The present study examines the relationship between the dose of acetaminophen reported to have been ingested by patients and the occurrence of serum acetaminophen levels above the 'possible toxicity' line in patients presenting at the hospital after acetaminophen overdose. The prognostic value of patient-reported dosage cut-offs of 8, 10 and 12 g was determined.
Paracetamol (PCM)-loaded composite nanoparticles (NPs) composed of a biodegradable poly(d,l-lactide) (PLA) polymer matrix filled with organically modified montmorillonite (MMT) nanoparticles were fabricated by antisolvent nanoprecipitation in a microfluidic co-flow glass capillary device. The incorporation of MMT in the polymer improved both the drug encapsulation efficiency and the drug loading, and extended the rate of drug release in simulated intestinal fluid (pH 7.4). The particle size increased on increasing both the drug loading and the concentration of MMT in the polymer matrix, and decreased on increasing the aqueous to organic flow rate ratio. The drug encapsulation efficiency in the NPs was higher at higher aqueous to organic flow rate ratio due to faster formation of the NPs. The PCM-loaded PLA NPs containing 2 wt% MMT in PLA prepared at an aqueous to organic flow rate ratio of 10 with an orifice size of 200 μm exhibited a spherical shape with a mean size of 296 nm, a drug encapsulation efficiency of 38.5% and a drug loading of 5.4%. The encapsulation of MMT and PCM in the NPs was confirmed by transmission electron microscopy, energy dispersive X-ray spectroscopy, X-ray diffraction, differential scanning calorimetry, thermogravimetric analysis and attenuated total reflection-Fourier transform infrared spectroscopy.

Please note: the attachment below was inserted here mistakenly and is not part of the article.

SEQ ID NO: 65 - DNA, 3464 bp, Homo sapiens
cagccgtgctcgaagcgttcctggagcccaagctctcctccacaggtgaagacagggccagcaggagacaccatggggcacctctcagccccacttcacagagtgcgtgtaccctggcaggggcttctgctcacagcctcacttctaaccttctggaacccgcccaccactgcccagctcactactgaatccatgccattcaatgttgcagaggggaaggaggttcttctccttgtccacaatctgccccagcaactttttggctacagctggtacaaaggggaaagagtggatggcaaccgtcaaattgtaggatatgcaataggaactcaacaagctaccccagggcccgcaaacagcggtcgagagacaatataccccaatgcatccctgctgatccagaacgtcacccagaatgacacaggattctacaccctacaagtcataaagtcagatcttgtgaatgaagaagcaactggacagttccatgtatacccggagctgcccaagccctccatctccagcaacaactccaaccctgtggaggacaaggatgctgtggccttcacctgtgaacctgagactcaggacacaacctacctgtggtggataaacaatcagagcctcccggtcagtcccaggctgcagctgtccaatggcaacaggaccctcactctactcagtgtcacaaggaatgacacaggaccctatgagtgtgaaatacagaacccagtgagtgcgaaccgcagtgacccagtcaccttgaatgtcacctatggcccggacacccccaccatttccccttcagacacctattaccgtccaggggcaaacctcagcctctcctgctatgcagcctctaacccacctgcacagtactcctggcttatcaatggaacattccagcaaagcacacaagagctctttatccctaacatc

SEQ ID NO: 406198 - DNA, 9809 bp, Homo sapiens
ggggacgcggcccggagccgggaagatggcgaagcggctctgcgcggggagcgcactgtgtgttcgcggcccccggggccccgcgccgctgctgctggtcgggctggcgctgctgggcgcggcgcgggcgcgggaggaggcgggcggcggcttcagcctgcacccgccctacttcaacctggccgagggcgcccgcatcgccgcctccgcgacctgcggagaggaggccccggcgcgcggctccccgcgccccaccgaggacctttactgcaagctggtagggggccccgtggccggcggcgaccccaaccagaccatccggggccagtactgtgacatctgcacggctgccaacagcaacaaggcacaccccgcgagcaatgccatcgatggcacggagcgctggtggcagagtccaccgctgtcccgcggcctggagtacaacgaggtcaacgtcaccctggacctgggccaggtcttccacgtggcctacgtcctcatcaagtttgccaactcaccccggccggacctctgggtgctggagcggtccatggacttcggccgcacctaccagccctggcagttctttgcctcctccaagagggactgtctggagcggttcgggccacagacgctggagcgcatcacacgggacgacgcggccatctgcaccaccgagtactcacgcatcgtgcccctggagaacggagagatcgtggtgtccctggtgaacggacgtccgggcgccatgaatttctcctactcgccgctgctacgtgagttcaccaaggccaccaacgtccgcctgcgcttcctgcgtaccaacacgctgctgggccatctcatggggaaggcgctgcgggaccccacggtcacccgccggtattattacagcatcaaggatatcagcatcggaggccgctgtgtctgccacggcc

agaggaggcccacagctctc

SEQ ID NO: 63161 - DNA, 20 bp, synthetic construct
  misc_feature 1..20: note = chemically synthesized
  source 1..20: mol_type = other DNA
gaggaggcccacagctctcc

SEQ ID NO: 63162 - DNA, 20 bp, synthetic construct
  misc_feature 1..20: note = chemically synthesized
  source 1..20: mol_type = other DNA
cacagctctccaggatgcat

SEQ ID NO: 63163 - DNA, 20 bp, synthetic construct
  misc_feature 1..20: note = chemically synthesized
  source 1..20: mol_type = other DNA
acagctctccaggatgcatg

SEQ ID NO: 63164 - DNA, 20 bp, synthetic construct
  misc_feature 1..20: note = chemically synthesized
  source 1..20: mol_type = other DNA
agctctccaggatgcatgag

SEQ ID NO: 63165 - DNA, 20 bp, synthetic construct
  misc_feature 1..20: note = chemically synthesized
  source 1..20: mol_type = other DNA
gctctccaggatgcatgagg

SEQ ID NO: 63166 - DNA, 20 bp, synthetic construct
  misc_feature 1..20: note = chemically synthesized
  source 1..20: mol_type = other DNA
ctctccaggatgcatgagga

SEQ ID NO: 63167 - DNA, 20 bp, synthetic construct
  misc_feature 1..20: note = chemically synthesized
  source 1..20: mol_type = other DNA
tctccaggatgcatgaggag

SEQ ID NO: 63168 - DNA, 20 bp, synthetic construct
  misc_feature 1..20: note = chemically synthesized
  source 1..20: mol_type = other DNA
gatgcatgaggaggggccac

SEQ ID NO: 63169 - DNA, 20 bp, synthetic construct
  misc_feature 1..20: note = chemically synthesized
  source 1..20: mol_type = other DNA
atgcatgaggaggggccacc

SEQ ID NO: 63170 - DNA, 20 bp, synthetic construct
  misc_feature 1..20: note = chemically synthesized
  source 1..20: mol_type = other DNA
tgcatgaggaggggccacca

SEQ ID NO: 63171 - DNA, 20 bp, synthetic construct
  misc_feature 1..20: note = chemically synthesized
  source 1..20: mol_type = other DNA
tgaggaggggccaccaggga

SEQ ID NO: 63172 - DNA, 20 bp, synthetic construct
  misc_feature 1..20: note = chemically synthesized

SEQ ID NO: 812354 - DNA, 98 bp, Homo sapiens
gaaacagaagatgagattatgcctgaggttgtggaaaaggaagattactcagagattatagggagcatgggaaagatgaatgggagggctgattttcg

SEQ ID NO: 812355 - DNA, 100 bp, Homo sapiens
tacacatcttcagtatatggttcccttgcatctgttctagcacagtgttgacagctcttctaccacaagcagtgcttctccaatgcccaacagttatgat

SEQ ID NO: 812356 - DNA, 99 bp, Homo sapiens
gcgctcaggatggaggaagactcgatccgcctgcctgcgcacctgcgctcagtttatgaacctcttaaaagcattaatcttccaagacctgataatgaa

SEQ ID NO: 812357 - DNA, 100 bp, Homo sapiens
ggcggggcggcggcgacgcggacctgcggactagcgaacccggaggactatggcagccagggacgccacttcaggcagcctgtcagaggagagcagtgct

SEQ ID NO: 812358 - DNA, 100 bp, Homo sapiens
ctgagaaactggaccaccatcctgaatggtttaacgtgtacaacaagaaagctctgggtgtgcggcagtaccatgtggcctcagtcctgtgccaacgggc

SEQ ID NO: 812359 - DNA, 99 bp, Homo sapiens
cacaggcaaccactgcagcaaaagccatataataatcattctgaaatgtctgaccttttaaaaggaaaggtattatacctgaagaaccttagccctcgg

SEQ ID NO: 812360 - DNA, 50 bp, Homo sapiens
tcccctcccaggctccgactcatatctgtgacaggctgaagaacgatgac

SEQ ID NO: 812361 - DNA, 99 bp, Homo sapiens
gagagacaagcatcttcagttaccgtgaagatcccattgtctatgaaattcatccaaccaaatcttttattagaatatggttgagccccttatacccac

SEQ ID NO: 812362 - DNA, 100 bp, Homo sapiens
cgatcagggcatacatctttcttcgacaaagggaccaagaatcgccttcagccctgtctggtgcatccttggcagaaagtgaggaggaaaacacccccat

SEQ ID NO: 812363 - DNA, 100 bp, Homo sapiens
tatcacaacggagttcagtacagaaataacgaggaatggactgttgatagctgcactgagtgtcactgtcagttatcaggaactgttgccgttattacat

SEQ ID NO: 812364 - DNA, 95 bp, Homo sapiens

During recent years, there has been growing interest in the use of nanoemulsion as a drug-carrier system for topical delivery. A nanoemulsion is a transparent mixture of oil, surfactant and water with a very low viscosity, usually the product of its high water content. The present study investigated the modification of nanoemulsions with different hydrocolloid gums, to enhanced drug delivery of ibuprofen. The in vitro characterization of the initial and modified nanoemulsions was also studied.